skip to content »

music-plugin.ru

Enciklopedija sveta online dating

enciklopedija sveta online dating-38

During the 19th century, Zadar was a center of the Croatian movement for cultural and national revival.

enciklopedija sveta online dating-86enciklopedija sveta online dating-76

During the French rule, the first newspaper in the Croatian language, Il Regio Dalmata – Kraglski Dalmatin, was published in Zadar (1806–1810).The harbor, to the north-east of the town, is safe and spacious.Zadar has a borderline humid subtropical (Cfa) and Mediterranean climate (Csa), since only one summer month has less than 40 millimetres (1.6 in) of rainfall, preventing it from being classified as solely humid subtropical or Mediterranean.Counter-clockwise from top: Panorama view from Cathedral Bell Tower, Church of St.Donatus and Bishops' palace on the Ancient Roman Forum, University of Zadar, St Dominic's Church, Monument to the Sun, People's Square.; see other names) is the oldest continuously inhabited Croatian city.The name of the city of Zadar emerged as Iadera and Iader in ancient times, but the origin of the name is older.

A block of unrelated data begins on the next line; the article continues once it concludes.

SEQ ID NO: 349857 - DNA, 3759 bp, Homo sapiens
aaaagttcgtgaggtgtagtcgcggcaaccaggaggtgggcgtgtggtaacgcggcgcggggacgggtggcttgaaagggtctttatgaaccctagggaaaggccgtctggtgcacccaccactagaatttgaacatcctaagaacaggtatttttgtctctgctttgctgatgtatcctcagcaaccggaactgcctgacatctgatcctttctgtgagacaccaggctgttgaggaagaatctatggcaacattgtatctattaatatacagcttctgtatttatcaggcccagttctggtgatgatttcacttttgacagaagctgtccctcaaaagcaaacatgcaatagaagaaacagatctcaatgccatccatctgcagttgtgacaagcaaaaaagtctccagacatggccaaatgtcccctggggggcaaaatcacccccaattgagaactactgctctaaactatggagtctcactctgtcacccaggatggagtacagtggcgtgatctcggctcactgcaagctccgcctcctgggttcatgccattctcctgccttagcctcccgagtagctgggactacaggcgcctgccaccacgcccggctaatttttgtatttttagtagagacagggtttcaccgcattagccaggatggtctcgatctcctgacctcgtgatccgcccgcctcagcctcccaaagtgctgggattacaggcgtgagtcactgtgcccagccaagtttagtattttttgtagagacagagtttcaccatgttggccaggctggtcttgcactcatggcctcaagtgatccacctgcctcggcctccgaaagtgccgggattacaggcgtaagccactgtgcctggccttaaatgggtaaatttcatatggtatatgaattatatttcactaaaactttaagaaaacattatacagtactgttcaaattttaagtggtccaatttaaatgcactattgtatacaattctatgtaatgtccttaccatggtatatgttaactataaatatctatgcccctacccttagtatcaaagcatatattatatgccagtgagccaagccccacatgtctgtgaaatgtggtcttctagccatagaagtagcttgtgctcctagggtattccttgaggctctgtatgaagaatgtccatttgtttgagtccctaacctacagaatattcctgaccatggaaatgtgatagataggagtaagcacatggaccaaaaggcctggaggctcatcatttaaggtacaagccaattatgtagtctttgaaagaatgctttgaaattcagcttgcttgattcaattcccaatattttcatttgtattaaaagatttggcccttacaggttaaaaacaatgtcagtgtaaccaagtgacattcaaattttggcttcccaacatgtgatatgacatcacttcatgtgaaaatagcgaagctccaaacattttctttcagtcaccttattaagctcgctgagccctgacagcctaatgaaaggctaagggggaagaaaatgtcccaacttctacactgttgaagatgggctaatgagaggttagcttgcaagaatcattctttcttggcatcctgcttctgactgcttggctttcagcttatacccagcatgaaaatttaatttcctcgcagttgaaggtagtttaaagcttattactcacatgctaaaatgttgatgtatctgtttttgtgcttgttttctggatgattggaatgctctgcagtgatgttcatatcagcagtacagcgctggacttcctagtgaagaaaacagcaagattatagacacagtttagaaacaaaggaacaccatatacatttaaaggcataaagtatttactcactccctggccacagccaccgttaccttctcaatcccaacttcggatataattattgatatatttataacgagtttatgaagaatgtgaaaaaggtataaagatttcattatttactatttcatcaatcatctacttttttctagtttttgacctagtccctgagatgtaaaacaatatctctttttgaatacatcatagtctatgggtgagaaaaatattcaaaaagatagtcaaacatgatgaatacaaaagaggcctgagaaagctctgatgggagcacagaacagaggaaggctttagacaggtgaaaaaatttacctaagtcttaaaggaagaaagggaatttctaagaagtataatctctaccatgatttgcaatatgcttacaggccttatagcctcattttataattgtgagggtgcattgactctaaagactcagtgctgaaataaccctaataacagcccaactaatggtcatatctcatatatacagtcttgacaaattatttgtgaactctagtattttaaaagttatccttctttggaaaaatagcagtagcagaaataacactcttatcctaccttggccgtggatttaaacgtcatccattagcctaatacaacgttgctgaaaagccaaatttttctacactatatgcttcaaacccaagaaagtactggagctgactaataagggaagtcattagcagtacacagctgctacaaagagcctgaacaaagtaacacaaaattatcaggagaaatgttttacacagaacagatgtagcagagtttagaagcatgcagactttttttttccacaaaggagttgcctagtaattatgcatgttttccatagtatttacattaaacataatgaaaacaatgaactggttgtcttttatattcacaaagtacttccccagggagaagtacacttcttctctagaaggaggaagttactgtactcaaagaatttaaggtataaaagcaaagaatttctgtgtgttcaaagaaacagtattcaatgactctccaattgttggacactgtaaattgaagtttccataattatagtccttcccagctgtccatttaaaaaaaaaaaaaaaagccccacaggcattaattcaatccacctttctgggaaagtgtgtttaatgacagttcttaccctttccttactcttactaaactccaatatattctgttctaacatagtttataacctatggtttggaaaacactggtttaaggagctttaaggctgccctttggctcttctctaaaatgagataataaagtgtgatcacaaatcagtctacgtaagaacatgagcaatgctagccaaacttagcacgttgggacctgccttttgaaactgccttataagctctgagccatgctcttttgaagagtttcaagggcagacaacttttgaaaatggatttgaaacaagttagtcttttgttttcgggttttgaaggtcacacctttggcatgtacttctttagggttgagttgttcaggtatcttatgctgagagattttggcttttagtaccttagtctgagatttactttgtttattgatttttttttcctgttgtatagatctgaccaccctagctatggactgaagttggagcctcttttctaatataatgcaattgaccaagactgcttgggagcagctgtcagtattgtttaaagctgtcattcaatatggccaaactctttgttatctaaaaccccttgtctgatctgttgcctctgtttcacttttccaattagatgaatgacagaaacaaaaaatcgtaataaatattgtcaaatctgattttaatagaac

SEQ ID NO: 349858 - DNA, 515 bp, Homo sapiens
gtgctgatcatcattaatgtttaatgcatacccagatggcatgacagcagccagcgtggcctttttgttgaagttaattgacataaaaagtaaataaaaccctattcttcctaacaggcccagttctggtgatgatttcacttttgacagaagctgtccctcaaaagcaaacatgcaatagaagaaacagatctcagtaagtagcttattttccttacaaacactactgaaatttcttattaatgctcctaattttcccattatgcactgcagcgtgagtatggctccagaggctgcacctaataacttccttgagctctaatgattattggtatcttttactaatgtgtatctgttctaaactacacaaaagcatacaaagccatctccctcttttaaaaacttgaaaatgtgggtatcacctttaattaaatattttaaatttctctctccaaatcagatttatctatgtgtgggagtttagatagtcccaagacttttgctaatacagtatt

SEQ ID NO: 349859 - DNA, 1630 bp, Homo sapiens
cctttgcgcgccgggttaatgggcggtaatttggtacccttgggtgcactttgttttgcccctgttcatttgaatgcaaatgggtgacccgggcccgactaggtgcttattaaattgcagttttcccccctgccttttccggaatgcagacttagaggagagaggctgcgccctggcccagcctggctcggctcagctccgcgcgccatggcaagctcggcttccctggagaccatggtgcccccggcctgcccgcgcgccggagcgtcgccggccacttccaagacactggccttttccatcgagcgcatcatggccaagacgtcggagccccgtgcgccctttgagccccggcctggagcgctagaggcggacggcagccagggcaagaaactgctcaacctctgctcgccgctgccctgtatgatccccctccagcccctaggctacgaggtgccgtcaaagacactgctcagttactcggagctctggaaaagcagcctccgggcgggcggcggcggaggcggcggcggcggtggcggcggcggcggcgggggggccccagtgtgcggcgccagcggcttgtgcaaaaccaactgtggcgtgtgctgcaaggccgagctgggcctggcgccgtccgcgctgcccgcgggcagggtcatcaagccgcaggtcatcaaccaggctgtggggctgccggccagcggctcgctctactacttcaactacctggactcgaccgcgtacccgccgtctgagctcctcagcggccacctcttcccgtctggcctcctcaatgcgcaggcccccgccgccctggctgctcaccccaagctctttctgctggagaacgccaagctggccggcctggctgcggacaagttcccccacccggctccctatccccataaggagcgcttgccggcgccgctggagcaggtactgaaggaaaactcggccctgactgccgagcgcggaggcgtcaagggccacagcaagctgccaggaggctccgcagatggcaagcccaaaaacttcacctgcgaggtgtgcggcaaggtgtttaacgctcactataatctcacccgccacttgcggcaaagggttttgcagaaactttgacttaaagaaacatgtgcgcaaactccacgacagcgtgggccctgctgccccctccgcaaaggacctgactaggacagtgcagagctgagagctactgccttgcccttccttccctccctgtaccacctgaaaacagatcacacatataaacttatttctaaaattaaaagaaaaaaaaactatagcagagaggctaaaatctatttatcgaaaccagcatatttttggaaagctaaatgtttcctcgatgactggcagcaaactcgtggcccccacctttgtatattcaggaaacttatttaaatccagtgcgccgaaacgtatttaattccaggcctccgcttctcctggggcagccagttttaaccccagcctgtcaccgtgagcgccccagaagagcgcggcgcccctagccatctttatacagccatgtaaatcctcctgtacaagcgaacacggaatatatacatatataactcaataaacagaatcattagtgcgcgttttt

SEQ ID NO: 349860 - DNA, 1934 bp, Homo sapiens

It was most probably related to a hydrographical term, coined by an ancient Mediterranean people and their Pre-Indo-European language.

Zadar has mild, wet winters and very warm, humid summers.

Average annual rainfall is in excess of 917 mm (36.10 in).

When the Turks conquered the Zadar hinterland at the beginning of the 16th century, the town became an important stronghold, ensuring Venetian trade in the Adriatic, the administrative center of the Venetian territories in Dalmatia and a cultural center.

During this time, many famous Croatian writers, such as Petar Zoranić, Brne Krnarutić, Juraj Baraković and Šime Budinić, wrote in the Croatian language.

The Dalmatian names Jadra, Jadera were transferred to other languages; in the Venetian language Jatara (hyper-urbanism in the 9th century) and Zara, Tuscan Giara, Latin Diadora (Constantine VII in De Administrando Imperio, 10th century, probably an error in the transcription of di iadora), Old French Jadres (Geoffroy de Villehardouin in the chronicles of the Fourth Crusade in 1202), Arabic Jādhara ( Jadera became Zara when it fell under the authority of the Republic of Venice in the 15th century.